Age-related loss of the Y chromosome — the part of human DNA unique to men — increases men’s risk of potentially life-threatening heart problems as they age, new research suggests.
The discovery, described in the journal Science, paves the way for a simple test to identify men whose Y chromosome count puts them at higher risk for conditions such as heart failure, in which a diseased heart struggles to pump blood around the body.
Humans have two sex chromosomes, X and Y. Males usually have one of each, while females have two X chromosomes.
Scientists have known for decades that some men begin to lose Y chromosomes from their cells as they age.
Age-related loss of the Y chromosome — the part of human DNA unique to men — increases men’s risk of potentially life-threatening heart problems as they age, new research suggests
For example, a previous study of thousands of men in the UK found that the chromosome was absent in about a fifth of 40- to 70-year-olds. This phenomenon, known as Y loss, has been linked to a range of health problems, including cancer, cardiovascular disease and Alzheimer’s disease, as well as a shorter lifespan.
However, scientists couldn’t determine whether the loss of the Y chromosome directly caused disease or whether it, like wrinkles or graying hair, was simply a sign of aging.
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Now, for the first time, scientists have shown that loss of Y chromosome can harm the heart. (Women also experience a loss of their sex chromosomes, but this has not been associated with shorter lifespans and disease.)
The scientists, from the University of Virginia in the US and Uppsala University in Sweden, first proved the link in mice.
They showed that mice without the Y chromosome of their white blood cells (loss of Y chromosome is easiest to measure in white blood cells) died earlier than mice that still had their Y chromosomes.
The mice with few Y chromosomes also developed more fibrosis — or thickening — of their heart muscles. This thickening stiffens the heart and makes it more difficult for it to pump blood.
The researchers then moved on to people, looking at medical and genetic information on more than 223,000 men who gave blood samples to the UK Biobank, a large health database.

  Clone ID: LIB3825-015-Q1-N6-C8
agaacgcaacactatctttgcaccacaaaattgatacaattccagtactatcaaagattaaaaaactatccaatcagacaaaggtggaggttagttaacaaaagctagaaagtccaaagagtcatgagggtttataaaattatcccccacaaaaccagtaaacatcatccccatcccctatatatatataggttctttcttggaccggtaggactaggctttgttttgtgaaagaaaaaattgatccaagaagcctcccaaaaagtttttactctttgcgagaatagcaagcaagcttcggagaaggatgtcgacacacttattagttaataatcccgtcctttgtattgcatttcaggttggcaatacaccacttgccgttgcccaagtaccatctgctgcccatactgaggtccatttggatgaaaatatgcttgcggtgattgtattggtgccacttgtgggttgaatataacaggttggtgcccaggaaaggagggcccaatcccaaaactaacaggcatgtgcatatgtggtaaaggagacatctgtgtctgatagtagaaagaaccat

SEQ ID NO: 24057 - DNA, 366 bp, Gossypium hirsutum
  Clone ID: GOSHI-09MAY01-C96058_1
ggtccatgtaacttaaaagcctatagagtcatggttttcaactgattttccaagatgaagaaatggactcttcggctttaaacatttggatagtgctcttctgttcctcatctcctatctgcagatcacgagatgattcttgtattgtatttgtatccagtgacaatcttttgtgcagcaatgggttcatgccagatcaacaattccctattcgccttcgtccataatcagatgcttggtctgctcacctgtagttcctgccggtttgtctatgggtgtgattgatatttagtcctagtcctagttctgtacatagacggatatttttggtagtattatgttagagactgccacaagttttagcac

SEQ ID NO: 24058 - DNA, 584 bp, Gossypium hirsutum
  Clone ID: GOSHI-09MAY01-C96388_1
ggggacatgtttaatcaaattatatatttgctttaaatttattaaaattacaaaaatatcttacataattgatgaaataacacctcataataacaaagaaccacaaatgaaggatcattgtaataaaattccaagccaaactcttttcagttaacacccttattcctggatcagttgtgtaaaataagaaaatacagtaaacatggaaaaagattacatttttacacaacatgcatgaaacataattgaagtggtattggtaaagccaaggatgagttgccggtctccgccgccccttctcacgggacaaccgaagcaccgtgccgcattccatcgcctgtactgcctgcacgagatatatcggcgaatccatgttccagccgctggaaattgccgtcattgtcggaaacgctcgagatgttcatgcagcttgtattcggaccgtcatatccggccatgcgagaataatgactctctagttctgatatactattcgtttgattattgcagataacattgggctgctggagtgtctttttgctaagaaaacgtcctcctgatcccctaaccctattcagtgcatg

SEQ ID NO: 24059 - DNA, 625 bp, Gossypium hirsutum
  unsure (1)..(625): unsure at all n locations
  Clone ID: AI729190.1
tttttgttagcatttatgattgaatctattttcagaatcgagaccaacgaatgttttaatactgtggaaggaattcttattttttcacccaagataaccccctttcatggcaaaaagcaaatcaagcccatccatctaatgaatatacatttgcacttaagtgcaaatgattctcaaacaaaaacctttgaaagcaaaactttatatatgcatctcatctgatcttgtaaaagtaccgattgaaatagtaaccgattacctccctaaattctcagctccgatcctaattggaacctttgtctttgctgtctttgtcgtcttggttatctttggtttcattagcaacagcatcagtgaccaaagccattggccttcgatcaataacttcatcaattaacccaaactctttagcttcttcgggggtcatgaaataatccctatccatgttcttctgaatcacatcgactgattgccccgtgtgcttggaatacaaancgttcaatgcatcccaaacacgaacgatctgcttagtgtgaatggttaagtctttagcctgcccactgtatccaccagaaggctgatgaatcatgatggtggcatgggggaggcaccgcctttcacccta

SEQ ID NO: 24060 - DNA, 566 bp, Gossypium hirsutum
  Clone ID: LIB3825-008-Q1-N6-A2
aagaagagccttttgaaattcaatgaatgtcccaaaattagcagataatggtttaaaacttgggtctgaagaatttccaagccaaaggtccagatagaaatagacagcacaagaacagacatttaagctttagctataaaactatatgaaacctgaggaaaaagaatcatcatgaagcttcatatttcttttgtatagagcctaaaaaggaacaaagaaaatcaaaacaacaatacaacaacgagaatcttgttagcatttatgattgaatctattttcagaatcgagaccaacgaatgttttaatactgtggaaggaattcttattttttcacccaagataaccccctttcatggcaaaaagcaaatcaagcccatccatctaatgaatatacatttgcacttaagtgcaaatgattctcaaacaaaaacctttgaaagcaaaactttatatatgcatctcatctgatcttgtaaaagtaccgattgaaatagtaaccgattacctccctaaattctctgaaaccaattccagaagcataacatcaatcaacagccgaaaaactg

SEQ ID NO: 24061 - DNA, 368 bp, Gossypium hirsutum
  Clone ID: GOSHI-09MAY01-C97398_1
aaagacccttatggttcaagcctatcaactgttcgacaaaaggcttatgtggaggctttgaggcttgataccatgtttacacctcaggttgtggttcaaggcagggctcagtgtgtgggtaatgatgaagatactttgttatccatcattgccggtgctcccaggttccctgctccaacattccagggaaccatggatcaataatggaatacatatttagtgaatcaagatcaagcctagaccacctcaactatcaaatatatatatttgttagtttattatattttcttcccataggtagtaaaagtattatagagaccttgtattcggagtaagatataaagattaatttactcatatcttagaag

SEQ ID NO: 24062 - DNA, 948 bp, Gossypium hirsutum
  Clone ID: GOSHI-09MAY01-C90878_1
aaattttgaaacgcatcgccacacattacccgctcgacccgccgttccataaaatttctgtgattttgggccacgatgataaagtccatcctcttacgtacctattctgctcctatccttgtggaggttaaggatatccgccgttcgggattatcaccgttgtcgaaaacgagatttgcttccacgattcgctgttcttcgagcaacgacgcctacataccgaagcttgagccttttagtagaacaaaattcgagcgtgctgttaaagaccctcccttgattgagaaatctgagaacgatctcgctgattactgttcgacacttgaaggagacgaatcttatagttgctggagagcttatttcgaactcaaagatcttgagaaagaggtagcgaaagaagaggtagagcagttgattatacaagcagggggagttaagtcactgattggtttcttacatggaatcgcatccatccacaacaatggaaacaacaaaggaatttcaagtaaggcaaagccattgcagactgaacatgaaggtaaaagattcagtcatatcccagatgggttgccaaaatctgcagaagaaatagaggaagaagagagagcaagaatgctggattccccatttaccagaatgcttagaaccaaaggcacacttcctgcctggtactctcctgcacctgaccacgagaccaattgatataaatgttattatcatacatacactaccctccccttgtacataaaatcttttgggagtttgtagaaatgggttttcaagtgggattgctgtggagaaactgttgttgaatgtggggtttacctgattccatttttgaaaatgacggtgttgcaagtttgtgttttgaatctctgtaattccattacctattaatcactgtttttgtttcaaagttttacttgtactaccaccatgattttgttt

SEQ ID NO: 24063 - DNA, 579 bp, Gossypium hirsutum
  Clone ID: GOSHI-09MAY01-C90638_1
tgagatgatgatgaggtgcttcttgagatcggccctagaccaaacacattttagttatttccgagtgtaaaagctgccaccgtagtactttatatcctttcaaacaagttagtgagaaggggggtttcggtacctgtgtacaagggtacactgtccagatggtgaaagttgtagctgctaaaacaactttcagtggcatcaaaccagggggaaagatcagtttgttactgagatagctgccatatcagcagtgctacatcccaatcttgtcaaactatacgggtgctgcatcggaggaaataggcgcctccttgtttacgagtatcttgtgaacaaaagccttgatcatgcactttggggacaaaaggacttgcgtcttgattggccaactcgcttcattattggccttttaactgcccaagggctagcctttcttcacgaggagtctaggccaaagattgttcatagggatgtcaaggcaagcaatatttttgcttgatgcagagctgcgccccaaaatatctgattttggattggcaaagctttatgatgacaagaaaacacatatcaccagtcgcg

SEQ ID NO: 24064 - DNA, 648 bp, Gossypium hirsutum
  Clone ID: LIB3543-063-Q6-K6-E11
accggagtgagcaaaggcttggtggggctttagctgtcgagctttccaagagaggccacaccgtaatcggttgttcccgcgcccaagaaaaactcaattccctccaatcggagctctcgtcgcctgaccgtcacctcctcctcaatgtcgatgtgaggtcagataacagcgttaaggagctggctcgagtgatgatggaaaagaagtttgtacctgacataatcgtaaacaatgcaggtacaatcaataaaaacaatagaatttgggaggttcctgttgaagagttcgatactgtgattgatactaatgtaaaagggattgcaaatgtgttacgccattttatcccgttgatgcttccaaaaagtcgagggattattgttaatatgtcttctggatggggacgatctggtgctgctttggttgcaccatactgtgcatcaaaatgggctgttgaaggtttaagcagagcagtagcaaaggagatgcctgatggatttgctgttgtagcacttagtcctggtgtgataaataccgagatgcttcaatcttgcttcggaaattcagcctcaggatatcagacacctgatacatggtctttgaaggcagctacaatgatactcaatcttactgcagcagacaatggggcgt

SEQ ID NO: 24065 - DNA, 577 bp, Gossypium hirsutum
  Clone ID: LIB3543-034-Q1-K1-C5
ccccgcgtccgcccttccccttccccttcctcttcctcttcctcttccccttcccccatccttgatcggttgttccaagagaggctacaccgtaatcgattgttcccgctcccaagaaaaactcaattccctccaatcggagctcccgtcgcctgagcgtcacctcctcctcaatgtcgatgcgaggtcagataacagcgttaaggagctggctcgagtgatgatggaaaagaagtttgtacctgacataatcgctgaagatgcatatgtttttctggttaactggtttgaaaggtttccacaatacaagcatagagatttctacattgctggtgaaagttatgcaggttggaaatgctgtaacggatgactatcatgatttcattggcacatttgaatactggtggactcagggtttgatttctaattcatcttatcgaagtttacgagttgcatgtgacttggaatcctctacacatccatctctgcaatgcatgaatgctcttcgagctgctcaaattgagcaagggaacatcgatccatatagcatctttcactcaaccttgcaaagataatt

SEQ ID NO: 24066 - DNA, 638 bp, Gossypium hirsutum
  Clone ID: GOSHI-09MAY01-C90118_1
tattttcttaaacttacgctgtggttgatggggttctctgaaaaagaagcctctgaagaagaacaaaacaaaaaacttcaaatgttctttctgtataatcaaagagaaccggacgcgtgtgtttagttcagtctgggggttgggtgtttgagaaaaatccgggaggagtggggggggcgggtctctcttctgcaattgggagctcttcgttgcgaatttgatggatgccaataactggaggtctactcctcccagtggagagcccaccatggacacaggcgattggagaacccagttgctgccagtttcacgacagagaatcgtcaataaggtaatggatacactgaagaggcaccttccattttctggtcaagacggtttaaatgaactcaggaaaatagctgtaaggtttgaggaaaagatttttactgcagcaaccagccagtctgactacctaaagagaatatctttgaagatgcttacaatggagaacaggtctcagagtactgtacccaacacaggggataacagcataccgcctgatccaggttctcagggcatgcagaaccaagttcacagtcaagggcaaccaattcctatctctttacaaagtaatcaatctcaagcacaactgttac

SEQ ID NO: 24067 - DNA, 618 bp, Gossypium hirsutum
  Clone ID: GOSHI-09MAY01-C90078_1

They found that men who lost the Y chromosomes of more than 40 percent of their white blood cells were 31 percent more likely to die from heart disease, including heart failure, over the following 12 years than those who didn’t. Y loss.
The researchers concluded that these results together indicate that Y loss contributes to heart muscle fibrosis, cardiac dysfunction and mortality in men.
They speculate that the loss of the Y chromosome affects how some cells in the heart work, causing fibrosis and heart disease.
Professor Kenneth Walsh, who led the study, told Good Health: ‘As we age, one of the things that happens is that we develop fibrosis in various tissues and organs, including the heart, kidneys and lungs. And that process is accelerated by loss of the Y chromosome.’
However, the rate of loss of Y chromosome varies. “Some men lose it very quickly — they’re super losers — but others don’t, and we don’t understand why that is yet,” says Professor Walsh.
In the future, testing for Y chromosome loss could lead to the identification of the ‘super losers’.
“If you’re one of those men who lose a lot of their Y chromosomes, that could be an indication to see a specialist who can do a cardiac MRI scan to measure the degree of fibrosis,” says Professor Walsh.
While there is currently no treatment for heart fibrosis, scientists are working on new drugs to reverse the damage.
Professor John Perry, a geneticist at the University of Cambridge who has studied Y loss, said the findings were interesting but urged men not to worry, saying: ‘It is a very modest risk factor for heart disease compared with other factors that are more significant, such as blood pressure, weight, and “bad” LDL cholesterol.
“These other factors are modifiable, when you really can’t do anything about Y-loss,” he says.
“The only light evidence for this is that if you smoke and you stop smoking, the Y loss can go down a little bit.”
“The ultimate hope here is that we can tackle Y loss, neutralize the effects of Y loss and have a healthy heart as a result,” adds Dr Mikhail Spivakov, a geneticist at Imperial College London.